Overcome fear and collaborate to address racism

The events of Charlottesville are a heavy and troubling reminder of the racism and intolerance for differences that still exist in this country. While the vision of violence and loss of life stays vividly in our minds and hearts, let it drive all of us who believe in equity and quality of life for all into a new effort of collaboration among all sectors and races.

The fact is, we are an interdependent society whose individual successes and failures directly and indirectly impact every citizen. The National Urban League and its local affiliates, such as the Milwaukee Urban League, are committed to advocating for social justice, access and opportunities on a number of platforms essential to a strong America: (1) jobs and the economy, (2) small business and entrepreneurship, (3) education and children, (4) affordable housing, (5) homeownership and asset building, (6) health and (7) justice, voting and civic engagement.  It is critical that leaders across all sectors work together to create a civil and respectful environment that will stimulate and encourage positive discussions and interactions on all of these fronts.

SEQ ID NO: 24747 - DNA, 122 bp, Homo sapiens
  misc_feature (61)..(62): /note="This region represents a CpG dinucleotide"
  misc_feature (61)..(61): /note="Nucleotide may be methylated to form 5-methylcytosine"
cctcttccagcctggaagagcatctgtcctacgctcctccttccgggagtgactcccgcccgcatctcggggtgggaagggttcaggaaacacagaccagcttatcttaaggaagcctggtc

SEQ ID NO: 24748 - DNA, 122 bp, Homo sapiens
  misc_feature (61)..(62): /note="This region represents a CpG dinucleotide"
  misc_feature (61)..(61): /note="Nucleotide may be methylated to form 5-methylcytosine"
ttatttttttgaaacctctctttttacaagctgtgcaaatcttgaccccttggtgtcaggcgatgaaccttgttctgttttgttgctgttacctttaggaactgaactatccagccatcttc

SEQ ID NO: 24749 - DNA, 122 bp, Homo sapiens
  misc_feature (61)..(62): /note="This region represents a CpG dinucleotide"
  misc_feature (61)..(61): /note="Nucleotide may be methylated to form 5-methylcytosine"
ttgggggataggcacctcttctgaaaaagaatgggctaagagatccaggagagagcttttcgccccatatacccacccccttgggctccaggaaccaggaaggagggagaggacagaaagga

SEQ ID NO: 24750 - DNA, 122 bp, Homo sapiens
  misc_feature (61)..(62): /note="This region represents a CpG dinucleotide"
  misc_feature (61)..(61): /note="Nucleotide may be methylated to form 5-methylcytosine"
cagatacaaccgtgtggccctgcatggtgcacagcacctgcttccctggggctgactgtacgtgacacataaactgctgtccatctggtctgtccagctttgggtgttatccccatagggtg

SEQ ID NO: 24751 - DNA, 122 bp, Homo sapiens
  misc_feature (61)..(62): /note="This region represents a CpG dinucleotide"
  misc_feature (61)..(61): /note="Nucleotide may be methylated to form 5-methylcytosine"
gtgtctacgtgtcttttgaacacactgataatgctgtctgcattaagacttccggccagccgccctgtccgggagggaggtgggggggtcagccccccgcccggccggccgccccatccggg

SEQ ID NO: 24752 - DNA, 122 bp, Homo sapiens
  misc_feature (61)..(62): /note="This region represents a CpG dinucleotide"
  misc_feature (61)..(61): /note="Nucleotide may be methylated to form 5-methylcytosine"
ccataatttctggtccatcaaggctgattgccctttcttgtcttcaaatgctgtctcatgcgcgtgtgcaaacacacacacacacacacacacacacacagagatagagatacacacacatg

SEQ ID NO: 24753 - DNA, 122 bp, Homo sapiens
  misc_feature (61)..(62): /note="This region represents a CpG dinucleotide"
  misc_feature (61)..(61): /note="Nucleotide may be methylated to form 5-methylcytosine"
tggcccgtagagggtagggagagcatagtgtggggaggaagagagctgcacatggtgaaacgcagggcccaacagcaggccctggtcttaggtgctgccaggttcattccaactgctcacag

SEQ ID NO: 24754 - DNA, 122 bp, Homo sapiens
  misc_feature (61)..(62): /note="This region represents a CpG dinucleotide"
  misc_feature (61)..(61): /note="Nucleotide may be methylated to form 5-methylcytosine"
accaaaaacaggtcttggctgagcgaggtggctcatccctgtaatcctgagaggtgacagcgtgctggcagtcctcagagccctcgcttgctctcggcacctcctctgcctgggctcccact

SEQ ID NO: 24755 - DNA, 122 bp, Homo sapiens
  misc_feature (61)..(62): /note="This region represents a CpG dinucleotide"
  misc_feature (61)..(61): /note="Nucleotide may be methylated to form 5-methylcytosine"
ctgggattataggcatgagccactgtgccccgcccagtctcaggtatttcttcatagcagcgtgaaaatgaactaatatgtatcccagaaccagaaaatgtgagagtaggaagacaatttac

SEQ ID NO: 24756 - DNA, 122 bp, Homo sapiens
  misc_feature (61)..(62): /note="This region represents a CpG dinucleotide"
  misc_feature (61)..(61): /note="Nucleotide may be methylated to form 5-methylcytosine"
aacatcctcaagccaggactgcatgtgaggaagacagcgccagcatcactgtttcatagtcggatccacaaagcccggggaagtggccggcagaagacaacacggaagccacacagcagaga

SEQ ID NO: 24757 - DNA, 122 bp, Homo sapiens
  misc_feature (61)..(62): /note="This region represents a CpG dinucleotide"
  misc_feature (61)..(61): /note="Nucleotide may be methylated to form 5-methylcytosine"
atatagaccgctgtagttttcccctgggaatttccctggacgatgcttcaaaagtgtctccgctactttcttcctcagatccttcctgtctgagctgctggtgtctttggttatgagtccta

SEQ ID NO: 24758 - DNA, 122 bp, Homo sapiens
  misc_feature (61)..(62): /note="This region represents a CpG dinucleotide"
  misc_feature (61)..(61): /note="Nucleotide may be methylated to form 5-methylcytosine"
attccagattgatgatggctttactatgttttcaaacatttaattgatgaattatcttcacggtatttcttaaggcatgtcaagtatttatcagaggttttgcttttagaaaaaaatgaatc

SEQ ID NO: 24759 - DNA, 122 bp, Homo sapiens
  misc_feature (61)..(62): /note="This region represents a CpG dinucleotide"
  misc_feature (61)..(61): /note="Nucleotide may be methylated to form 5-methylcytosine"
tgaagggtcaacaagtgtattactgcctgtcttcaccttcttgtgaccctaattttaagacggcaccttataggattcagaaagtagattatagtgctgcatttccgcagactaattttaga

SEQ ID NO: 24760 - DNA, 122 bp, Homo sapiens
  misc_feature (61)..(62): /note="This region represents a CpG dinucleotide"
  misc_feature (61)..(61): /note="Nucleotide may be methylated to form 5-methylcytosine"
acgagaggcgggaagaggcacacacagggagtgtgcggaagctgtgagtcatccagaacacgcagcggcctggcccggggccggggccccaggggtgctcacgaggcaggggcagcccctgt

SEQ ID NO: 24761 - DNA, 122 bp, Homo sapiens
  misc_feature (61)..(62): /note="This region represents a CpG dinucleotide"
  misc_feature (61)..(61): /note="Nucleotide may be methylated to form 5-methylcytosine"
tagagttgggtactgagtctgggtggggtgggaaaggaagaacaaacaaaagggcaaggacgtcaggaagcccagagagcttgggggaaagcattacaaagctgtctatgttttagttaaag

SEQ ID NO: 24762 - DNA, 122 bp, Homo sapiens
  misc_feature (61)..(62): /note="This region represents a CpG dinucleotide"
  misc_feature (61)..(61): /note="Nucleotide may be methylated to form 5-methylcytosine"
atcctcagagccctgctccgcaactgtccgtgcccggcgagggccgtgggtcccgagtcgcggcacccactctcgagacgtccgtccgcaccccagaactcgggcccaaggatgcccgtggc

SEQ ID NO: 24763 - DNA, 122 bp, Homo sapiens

A divisive community is not a positive community and it serves no one. The Milwaukee Urban League is not intolerant; it welcomes people of all races and cultures. This ideology contributes to our collaborative efforts to work with everyone who has positive ideas of how we can coexist as a people and move forward as a society. We must create policies that not only serve our interests, but also mirror our values in order to achieve a more peaceful, equitable nation.

The goal of the hate groups that staged a protest in Charlottesville, Virginia was to infuse fear, but just the opposite happened. A young woman, Heather Heyer, gave her life for peace and justice and the outpouring of love that came from her sacrifice is truly remarkable. And this event, in all likelihood, buoyed city officials in several states to remove confederate statues from display. This is what overcoming fear can do.

So as we move forward with a renewed strength and vigor to remove the scourge of bigotry from our society, let us keep in mind that this country was founded in an era of perceived racial inferiority. That is a true part of our history and the truth never changes. That does not mean, however, that we cannot create a more peace-loving, nonviolent, society where equality reigns.

Eve Hall, Ph.D., is president and chief executive officer of the Milwaukee Urban League.

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